My name is Chris Peterson. My title - all Serious People have titles, and I am nothing if not Serious - is Admissions Counselor for Web Communications at the Massachusetts Institute of Technology. My job is to help make the Internet go for the Admissions Office. If I wanted to be "professional" - which is to say, if I wanted to describe myself with interlocking bulkheads of buzzwords, like a pufferfish wrapped in chain mail and festooned with mines - I would say that I leverage social software to facilitate digital conversations between MIT and its latent global community. If I wanted to be truthful, I'd say I try to use cool technology to help MIT and prospective students talk to each other.
Seriously, though, MIT is an amazing place to be. In my life I've attended or worked at public schools and private schools; schools in cities and schools in the sticks; schools with sterling international reputations for brilliance and schools with sterling international reputations for rioting. But I've never been anywhere quite like MIT. The character of the campus community is truly unique - supported by a robust intelligence and animated by a thrumming trickster spirit. Where else can you get up from your desk, walk past Woodie Flowers' office to cross the street for the best burrito in Boston helpfully irradiated by the local nuclear reactor? Where else can you leave your exhausting research at the Laboratory for Chocolate Science and run to catch your friends for a round of underwater hockey, a game which combines the thrilling rush of hypoxia with the club rave psychedelia of swallowing dissolved lead? It's an awesome place to work, an incredible place to live, and I'm ecstatic to be a part of it.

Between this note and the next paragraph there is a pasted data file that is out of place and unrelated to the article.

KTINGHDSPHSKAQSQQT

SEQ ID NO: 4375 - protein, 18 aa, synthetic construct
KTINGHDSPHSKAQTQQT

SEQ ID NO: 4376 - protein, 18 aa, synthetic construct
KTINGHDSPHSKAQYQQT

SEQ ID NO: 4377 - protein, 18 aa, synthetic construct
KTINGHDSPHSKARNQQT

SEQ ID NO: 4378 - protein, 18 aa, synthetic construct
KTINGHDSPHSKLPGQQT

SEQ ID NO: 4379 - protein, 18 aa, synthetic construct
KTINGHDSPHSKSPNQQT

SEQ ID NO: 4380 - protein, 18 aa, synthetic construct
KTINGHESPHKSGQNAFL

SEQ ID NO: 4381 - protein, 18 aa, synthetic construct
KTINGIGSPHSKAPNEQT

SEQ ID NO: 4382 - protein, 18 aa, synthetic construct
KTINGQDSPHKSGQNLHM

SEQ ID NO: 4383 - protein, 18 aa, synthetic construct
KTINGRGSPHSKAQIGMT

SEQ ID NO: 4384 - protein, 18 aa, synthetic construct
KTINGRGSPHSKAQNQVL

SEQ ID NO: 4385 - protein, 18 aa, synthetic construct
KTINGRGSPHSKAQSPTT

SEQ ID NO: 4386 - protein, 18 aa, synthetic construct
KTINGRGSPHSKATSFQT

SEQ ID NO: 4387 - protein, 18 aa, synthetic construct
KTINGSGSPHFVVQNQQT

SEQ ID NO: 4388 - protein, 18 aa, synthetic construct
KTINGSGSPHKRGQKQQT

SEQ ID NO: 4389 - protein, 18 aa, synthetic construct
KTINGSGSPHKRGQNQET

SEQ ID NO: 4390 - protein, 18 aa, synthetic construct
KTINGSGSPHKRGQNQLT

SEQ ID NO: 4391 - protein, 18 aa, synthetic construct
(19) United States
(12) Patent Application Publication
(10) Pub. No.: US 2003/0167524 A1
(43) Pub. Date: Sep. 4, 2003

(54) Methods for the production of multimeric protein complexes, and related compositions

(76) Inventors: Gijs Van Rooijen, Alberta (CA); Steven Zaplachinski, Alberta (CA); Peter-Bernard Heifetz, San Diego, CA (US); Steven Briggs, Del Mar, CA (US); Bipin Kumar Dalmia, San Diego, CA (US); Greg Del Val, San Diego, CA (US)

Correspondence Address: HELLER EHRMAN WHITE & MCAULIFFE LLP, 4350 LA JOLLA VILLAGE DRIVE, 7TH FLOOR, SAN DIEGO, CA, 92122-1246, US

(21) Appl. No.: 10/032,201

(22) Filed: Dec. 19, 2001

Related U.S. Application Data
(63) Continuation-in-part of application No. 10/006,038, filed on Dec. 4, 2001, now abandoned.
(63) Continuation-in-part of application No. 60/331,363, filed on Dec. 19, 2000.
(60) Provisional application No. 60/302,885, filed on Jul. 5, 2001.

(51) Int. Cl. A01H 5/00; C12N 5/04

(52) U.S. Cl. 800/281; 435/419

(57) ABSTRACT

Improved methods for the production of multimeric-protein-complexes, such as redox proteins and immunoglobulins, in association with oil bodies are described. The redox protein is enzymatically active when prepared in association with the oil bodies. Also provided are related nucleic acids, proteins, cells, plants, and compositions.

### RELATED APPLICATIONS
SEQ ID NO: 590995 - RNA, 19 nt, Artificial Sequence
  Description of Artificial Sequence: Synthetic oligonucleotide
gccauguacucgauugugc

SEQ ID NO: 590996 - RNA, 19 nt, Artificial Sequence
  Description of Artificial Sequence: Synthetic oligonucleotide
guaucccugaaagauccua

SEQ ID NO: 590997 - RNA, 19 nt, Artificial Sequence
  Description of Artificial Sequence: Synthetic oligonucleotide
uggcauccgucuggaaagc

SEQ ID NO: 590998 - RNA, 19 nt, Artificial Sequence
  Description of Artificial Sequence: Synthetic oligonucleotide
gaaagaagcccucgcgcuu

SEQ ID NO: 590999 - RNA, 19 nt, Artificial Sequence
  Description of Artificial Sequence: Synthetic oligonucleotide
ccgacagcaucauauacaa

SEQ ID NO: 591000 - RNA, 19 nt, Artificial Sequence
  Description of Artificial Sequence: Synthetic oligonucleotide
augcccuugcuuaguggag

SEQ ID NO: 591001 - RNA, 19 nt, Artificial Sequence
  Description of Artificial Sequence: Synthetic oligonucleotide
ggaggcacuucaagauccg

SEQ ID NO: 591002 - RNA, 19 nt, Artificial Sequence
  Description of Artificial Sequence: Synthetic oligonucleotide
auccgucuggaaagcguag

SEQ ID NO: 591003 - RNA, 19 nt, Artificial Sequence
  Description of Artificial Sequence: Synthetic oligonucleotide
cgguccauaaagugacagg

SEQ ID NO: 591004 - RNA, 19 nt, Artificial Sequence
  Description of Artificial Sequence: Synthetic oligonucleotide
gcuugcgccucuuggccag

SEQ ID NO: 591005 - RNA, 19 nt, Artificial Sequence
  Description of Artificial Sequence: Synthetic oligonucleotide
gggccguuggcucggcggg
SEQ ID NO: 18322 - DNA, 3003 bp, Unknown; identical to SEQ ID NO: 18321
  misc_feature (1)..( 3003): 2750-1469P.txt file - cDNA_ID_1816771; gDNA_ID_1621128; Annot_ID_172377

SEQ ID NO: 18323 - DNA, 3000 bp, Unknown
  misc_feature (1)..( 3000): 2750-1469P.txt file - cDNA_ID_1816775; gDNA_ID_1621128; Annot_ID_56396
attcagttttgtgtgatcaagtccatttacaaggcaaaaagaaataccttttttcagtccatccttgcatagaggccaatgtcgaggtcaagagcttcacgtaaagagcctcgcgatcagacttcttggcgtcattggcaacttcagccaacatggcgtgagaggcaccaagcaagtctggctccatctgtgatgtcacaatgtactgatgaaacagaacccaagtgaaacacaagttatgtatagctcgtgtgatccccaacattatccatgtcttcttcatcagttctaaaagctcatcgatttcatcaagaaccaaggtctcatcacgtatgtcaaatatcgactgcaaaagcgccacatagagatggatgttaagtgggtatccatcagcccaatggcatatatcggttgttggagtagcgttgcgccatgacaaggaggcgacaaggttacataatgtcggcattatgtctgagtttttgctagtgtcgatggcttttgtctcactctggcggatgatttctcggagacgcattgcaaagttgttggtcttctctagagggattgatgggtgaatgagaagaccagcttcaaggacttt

As for the rest of my life: I’m a former research assistant at the Berkman Center for Internet and Society as well as an Associate at the National Center for Technology and Dispute Resolution. I spend a lot of time reading and writing and thinking about the Internet and how it impacts the way we all communicate and experience our lives.
I like to read about politics and policy, play guitar and attend poetry slams, and spend time in the New England woods from whence I came. I am allergic to cats and cat macros. I bike to work and I'm not ashamed of my grandma basket. I am essentially an optimist and still believe that the Internet is fundamentally something that can help make the world a better place. Hello!